José R. Arrazola Ramírez

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We introduce the notion of X-stable models parametrized by a given logic X. Such notion is based on a construction that we call weak completions: a set of atoms M is an X-stable model of a theory T if M is a model of T, in the sense of classical logic, and the weak completion of T (namely T [ : e M) can prove, in the sense given by logic X, every atom in(More)
We present some applications of intermediate logics in the field of Answer Set Programming (ASP). A brief, but comprehensive introduction to the answer set semantics, intu-itionistic and other intermediate logics is given. Some equivalence notions and their applications are discussed. Some results on intermediate logics are shown, and applied later to prove(More)
We propose an extension of answer sets, that we call safe beliefs, that can be used to study several properties and notions of answer sets and logic programming from a more general point of view. Our definition, based on intuitionistic logic and following ideas from D. Pearce [Stable inference as intuitionistic validity, Logic Programming 38 (1999) 79–91],(More)
We study logic programs under Gelfond's translation in the context of modal logic S5. We show that for arbitrary logic programs (propositional theories where logic negation is associated with default negation) ground nonmonotonic modal logics between T and S5 are equivalent. Furthermore, we also show that these logics are equivalent to a nonmonotonic logic(More)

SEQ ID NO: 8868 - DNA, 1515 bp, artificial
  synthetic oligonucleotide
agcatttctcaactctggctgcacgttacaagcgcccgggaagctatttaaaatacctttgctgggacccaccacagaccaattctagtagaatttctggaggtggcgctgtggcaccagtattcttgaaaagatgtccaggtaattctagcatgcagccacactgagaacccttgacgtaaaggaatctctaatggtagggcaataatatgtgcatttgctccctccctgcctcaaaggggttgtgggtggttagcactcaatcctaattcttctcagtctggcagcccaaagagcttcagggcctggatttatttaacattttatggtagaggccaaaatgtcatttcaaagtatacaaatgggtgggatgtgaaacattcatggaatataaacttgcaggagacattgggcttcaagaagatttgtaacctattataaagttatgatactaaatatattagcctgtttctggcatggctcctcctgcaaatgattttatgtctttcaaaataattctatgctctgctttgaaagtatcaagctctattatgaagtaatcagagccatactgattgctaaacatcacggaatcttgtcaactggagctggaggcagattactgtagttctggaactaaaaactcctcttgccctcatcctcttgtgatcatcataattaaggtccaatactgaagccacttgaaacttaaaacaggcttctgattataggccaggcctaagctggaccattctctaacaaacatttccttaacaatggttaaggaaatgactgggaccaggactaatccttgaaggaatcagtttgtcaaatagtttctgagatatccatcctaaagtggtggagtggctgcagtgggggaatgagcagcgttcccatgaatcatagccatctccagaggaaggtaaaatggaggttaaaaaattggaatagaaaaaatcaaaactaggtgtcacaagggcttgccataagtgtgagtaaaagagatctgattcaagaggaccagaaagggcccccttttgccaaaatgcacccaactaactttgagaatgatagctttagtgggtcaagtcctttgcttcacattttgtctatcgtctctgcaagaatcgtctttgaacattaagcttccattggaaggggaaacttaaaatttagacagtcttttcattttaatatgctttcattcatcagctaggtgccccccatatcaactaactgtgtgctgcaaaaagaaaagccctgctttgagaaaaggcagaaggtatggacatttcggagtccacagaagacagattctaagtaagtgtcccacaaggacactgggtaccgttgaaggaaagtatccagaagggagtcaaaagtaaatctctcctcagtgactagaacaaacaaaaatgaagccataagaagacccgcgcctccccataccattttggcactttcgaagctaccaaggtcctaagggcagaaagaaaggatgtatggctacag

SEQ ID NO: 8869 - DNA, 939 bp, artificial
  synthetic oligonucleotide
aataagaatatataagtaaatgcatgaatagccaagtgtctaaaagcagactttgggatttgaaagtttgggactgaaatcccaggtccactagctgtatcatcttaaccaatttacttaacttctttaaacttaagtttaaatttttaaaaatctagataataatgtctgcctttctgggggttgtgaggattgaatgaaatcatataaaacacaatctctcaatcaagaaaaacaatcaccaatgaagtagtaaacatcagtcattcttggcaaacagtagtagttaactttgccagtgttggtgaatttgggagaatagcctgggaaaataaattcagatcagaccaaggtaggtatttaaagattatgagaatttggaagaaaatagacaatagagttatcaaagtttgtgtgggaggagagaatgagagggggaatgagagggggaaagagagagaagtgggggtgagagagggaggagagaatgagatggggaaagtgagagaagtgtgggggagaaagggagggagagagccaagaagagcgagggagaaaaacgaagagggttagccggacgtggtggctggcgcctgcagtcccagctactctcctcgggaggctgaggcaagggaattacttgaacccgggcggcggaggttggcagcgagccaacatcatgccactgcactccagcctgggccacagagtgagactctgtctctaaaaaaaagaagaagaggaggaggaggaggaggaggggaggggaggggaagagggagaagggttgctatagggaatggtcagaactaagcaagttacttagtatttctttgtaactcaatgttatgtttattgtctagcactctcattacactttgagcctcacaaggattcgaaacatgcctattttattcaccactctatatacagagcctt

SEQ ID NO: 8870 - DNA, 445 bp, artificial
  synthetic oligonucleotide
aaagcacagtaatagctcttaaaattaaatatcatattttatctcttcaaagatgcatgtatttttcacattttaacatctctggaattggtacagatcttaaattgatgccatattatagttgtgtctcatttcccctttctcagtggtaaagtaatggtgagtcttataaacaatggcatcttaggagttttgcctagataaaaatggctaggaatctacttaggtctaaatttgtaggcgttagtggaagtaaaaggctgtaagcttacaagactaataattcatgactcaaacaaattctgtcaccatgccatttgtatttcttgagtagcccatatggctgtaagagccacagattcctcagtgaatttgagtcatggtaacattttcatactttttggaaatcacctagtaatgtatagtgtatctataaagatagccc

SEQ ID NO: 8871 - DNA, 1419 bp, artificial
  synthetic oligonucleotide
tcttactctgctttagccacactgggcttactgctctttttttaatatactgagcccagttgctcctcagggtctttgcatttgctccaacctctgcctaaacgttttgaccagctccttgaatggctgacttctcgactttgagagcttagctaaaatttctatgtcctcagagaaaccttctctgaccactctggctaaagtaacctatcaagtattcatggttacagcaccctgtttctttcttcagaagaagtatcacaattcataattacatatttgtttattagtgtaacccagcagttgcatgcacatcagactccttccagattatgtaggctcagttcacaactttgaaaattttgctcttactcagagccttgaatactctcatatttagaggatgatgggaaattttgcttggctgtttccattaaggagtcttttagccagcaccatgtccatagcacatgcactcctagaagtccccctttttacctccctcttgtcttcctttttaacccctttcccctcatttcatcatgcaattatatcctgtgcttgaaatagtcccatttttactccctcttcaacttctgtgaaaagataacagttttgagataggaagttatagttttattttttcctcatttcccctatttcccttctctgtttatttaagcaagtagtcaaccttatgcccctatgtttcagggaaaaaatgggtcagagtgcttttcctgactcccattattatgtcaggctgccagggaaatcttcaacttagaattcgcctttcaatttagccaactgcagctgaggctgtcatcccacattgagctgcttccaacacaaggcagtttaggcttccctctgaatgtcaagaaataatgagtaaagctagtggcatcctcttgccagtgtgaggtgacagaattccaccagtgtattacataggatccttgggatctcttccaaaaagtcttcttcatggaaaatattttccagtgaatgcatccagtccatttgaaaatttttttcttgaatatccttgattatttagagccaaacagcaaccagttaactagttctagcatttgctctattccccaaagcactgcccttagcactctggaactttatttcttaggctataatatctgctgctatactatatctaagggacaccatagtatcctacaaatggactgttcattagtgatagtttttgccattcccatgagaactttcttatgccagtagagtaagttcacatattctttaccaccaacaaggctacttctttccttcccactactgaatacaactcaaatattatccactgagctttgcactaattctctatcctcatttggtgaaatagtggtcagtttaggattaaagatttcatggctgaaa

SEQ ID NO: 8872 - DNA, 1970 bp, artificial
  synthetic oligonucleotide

A-Prolog, Answer Set Programming or Stable Model Programming, is an important outcome of the theoretical work on Nonmonotonic Reasoning and AI applications of Logic Programming in the last 15 years. In the full version of this paper we study interesting applications of logic in the field of answer sets. Two popular software implementations to compute answer(More)
We study the notion of strong equivalence between two dis-junctive logic programs under the G 3-stable model semantics, also called the P-stable semantics, and we show how some particular cases of testing strong equivalence between programs can be reduced to verify if a formula is a theorem in some paraconsistent logics or in some cases in classical logic.(More)